Peter Thompson’s delightfully jumbled Archipelago Antiques, down a flight of outdoor stairs, in the basement of a building across the street from the empty Earth Fare building, will soon be empty, too. Archipelago has fallen victim to the Five Points parking crush. A new sports bar is going in upstairs, and the Athens-Clarke County government requires that all the parking spaces in front of the building be designated for the bar. Thompson says the landlord and the bar owners have been respectful of his space and have charged him no rent during the construction upstairs.
Thus passes yet another small, funky, owner-operated local business.
Thompson has been at it 31 years. He was the 55-year-old head of the UGA zoology department in 1988, when he underwent quintuple bypass surgery and stepped down as department head. While recuperating, he started Archipelago downstairs Homeplace, which was owned by his friends Jim and Lane Norton and managed by his companion Lois Player. He later went back for a while to teach in his old department, but after a few more years retired for good. Since then, Archipelago has been his business, his hangout, his clubhouse, his reading room—where he enjoys the customers who come in and the friends who drop by.
Thompson is also an accomplished painter, and at times he has used one of the back rooms as a studio, as have other painters.
Between customers and visitors Thompson reads. He’s afraid he may be bored, away from the shop, but at age 87, he’s philosophical about the closing: “I sort of wondered how all this was going to end.”
Everybody is wondering whether there’s any chance of another grocery store going into the former Earth Fare space. The owners say yes, but.
“We all want to keep a grocery store in that space. We are exploring some good possibilities, but our hands are tied right now because Earth Fare declared Chapter 11 bankruptcy. We are confident that we will find a good replacement for Earth Fare.”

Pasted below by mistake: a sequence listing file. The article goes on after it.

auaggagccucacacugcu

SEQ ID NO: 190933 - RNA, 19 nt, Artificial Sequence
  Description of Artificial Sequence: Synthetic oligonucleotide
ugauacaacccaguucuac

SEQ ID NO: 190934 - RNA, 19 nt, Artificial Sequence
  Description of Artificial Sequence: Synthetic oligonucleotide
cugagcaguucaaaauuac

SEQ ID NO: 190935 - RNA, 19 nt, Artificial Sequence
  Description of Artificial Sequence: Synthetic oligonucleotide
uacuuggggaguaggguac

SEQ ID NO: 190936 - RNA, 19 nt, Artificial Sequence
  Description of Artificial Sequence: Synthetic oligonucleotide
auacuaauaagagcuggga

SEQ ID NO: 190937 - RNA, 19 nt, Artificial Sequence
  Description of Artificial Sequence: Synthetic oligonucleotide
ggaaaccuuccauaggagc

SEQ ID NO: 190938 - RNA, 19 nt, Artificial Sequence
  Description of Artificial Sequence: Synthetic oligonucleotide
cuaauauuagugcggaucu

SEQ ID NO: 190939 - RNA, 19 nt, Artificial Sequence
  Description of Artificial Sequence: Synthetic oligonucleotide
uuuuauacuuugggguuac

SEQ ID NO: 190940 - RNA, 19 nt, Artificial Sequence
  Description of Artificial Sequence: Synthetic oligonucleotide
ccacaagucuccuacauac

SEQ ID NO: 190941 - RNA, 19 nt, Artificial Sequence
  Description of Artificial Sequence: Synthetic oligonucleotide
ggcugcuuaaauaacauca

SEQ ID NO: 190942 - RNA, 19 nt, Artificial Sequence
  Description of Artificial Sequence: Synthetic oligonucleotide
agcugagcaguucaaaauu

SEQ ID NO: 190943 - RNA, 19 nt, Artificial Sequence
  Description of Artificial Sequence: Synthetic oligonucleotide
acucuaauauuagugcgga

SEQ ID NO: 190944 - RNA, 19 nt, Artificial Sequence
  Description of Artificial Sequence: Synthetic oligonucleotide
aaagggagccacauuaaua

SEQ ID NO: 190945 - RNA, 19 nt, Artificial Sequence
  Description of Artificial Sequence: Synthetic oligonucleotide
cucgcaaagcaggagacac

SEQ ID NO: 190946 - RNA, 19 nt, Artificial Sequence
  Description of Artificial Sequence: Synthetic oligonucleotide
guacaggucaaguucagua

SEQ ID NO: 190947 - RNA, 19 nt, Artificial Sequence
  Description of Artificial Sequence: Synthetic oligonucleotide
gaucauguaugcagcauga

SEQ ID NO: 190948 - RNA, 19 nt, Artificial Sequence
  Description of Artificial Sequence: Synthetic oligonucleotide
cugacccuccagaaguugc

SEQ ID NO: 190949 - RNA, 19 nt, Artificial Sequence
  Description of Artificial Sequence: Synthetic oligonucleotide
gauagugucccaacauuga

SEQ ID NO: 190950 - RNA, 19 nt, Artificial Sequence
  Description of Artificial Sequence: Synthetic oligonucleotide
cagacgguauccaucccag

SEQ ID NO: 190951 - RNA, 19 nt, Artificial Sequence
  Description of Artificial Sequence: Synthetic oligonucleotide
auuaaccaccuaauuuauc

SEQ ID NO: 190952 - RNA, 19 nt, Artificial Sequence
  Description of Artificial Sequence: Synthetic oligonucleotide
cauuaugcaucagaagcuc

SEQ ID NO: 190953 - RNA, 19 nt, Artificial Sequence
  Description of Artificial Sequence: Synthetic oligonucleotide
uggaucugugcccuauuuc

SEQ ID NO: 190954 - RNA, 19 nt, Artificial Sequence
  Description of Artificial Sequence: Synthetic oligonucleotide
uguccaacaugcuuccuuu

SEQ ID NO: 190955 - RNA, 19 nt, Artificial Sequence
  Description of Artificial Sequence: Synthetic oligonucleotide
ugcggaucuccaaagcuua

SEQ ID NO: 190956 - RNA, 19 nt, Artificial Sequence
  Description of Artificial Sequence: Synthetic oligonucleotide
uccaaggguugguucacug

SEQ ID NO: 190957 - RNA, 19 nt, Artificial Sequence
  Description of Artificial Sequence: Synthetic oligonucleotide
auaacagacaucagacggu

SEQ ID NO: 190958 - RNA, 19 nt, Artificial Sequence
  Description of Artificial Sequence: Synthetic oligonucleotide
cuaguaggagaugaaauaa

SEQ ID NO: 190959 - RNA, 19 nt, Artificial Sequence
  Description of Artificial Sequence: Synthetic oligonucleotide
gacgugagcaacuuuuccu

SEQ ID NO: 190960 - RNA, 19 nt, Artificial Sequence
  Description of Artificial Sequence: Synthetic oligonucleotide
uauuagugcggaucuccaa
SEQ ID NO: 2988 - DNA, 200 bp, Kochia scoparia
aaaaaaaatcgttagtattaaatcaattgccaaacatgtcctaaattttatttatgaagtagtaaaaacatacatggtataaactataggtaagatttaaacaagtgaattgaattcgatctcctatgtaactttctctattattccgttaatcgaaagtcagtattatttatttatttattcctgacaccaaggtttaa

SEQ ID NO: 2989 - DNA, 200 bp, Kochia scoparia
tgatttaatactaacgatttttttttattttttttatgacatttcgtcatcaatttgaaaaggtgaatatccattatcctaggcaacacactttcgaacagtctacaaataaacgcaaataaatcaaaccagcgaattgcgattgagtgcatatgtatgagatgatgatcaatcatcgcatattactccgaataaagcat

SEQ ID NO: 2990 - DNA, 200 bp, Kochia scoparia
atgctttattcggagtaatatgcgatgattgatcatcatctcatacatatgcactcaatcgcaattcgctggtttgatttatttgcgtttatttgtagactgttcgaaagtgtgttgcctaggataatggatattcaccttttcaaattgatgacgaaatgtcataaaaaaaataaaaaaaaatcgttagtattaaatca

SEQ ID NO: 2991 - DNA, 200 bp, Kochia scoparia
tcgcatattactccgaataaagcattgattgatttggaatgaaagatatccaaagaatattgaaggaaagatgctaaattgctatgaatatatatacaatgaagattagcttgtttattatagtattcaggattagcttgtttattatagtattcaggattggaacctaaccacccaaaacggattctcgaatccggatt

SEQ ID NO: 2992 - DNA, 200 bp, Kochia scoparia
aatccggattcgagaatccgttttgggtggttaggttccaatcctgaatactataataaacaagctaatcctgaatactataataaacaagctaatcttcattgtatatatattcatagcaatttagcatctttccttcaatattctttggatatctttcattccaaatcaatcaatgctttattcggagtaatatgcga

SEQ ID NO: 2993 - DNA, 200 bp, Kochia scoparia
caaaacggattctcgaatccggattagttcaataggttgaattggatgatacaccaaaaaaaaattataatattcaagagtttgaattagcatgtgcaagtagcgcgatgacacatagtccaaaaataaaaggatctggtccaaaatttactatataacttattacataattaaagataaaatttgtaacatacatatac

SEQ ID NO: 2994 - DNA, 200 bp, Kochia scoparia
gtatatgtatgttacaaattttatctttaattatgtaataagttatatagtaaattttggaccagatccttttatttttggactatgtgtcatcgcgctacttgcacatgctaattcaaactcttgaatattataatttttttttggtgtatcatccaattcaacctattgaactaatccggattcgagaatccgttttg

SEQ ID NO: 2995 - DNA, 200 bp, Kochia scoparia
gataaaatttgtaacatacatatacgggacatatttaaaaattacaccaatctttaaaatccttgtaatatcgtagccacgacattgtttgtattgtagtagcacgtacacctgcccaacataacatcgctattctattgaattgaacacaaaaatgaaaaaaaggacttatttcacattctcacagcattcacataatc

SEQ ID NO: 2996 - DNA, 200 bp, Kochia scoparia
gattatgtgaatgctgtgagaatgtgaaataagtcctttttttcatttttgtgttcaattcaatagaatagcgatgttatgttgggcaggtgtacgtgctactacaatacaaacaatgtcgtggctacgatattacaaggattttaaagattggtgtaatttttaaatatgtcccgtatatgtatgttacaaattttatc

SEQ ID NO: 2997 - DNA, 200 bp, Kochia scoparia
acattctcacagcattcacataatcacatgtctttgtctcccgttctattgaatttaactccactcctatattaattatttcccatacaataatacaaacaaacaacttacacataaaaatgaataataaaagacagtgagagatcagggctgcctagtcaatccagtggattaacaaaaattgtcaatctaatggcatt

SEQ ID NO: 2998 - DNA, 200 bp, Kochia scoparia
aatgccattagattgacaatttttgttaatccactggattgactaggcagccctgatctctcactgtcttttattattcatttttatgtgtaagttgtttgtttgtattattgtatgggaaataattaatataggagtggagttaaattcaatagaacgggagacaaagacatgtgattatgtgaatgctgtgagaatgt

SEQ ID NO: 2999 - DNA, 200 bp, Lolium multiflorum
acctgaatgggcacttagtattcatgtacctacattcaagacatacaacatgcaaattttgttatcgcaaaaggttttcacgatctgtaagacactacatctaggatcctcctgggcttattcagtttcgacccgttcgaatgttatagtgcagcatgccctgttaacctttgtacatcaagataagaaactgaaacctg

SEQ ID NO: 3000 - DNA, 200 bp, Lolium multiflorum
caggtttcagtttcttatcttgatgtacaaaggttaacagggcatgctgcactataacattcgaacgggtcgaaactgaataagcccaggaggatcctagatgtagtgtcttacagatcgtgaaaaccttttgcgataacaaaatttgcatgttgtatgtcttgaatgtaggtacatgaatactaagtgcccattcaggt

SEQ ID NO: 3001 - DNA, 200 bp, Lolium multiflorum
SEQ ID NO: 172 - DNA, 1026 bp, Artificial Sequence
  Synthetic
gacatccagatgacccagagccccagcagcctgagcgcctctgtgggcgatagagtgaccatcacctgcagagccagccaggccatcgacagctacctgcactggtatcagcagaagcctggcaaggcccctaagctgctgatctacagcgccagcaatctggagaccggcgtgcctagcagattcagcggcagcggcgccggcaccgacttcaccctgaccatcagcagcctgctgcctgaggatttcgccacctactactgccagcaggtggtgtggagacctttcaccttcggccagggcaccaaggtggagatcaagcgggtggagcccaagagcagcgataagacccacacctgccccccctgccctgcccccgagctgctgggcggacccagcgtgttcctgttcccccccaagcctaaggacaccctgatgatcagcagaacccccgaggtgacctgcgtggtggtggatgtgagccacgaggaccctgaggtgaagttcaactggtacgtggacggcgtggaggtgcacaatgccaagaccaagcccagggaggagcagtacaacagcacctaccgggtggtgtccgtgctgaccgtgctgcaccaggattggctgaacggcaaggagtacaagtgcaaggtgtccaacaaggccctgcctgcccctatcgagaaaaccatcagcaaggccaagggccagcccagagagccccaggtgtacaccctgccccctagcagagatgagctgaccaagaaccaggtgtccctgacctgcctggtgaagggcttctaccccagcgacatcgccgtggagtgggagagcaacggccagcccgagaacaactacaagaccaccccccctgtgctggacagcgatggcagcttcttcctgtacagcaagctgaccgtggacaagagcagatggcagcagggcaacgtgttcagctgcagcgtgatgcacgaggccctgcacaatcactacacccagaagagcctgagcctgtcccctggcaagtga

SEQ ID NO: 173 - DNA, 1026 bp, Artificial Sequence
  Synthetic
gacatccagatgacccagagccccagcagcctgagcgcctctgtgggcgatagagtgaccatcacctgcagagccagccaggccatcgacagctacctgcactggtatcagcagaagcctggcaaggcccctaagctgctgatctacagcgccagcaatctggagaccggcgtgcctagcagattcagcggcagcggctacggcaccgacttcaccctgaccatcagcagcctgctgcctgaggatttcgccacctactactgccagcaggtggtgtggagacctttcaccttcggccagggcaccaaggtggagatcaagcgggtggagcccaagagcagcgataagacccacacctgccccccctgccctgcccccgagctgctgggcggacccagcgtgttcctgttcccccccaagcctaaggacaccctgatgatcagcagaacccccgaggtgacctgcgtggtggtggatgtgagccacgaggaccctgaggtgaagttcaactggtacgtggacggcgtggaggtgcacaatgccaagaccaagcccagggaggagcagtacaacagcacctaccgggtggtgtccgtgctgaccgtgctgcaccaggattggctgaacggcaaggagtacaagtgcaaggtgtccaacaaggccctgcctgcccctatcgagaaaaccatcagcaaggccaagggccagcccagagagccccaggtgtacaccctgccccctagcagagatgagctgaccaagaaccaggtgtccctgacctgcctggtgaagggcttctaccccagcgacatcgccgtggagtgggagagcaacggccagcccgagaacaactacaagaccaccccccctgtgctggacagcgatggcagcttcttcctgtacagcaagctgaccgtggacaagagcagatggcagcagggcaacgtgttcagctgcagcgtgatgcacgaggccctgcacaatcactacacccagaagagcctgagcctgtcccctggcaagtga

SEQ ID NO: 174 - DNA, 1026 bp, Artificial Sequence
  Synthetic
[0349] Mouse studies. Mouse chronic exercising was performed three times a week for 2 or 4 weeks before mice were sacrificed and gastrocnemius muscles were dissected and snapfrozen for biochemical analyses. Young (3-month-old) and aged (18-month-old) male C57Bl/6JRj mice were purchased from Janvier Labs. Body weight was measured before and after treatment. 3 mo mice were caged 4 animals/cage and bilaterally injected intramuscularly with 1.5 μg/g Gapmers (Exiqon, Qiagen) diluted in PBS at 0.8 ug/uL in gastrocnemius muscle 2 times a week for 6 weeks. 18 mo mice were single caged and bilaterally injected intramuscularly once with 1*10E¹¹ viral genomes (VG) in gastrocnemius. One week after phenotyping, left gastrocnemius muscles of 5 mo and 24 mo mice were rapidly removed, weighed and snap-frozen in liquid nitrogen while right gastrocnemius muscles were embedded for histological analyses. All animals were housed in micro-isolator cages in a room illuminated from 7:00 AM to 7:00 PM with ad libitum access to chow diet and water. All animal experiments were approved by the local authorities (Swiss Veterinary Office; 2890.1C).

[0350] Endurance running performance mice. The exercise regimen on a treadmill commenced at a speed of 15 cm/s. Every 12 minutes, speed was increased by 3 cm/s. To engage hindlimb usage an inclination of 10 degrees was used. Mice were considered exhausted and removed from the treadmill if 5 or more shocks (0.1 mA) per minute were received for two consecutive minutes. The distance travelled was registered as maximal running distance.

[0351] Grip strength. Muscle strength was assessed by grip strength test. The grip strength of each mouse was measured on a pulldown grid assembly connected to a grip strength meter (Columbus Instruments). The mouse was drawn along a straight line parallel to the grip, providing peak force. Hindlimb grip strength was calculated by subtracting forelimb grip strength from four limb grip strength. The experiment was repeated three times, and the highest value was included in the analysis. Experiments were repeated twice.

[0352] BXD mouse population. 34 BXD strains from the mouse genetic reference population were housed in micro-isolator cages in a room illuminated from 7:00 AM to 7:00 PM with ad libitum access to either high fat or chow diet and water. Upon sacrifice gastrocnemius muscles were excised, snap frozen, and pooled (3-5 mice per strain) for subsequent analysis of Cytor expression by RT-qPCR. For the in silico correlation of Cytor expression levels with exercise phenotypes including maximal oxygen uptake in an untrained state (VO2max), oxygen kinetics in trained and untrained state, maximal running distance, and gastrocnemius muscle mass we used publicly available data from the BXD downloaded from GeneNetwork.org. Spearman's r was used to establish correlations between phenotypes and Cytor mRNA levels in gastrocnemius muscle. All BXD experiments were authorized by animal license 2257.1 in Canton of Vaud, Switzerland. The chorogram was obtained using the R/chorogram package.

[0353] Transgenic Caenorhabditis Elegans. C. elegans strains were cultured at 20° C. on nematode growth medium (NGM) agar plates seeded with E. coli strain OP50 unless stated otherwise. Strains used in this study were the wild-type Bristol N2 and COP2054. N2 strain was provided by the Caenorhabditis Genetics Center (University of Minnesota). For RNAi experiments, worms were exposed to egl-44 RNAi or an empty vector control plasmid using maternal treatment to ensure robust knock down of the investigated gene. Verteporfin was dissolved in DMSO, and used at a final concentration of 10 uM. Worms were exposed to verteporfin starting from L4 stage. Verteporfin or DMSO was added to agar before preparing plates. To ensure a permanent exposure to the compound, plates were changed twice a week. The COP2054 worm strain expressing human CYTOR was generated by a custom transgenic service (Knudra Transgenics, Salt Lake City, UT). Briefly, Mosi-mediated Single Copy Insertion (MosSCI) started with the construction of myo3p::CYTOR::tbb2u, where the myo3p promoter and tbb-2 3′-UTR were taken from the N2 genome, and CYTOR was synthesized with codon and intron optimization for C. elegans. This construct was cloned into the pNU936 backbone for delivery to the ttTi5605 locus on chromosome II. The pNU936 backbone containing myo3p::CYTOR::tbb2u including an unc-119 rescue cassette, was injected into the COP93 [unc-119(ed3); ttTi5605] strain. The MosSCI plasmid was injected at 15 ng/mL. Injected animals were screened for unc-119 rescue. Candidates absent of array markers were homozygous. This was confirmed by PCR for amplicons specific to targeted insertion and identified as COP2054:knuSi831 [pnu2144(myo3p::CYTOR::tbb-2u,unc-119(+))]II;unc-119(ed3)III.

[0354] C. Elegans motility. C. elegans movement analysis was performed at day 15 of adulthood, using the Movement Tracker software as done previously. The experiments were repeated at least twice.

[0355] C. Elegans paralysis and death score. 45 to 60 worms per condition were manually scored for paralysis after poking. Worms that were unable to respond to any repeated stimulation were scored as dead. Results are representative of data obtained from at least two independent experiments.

Because of the bankruptcy, Earth Fare has to jump through some hoops before the owners can pursue the search for another grocery store in the building that housed Earth Fare and before them Bell’s. Here’s hoping Five Points does not long remain a grocery store desert.
What’s in a Name?
You no doubt read in the Mar. 4 Flagpole City Dope that state reps. Marcus Wiedower (R-Watkinsville) and Houston Gaines (R-Athens) recently floated the idea of renaming Five Points in honor of former UGA tennis coach and sports raconteur, the late Dan Magill. Politicians lose no opportunity to align themselves with well-known and popular people, and Magill was certainly both and more. But as much as the denizens of Five Points might love Dan Magill, they did not relish the idea of having to rename their iconic intersection and some of their businesses (Dan Magill Bottle Shop?).
Wiedower and Gaines beat a hasty retreat and dropped the rebranding scheme, but maybe they just had the right idea in the wrong place. Since the Republicans drew their legislative districts so that Oconee County Republican voters have the upper hand in electing these two guys, maybe they should honor Dan Magill out there. Surely, everybody in the county seat would be delighted to live in Magillville.
Kudos to Five Points Favorites
Friendly Five Points obviously continues to be a popular place to shop and eat, as witnessed by the winners in Flagpole’s recent Favorites contest. (See last week’s Mar. 4 Flagpole.) Five Points winners are: Avid Bookshop, Barberitos, Cale-N-Tito’s, Condor Chocolates, Donna Chang’s, Grindhouse Killer Burgers, Independent Baking Co. and Jittery Joe’s Coffee. The Favorites are selected each year by the votes of Flagpole readers, many of whom reside in Five Points.
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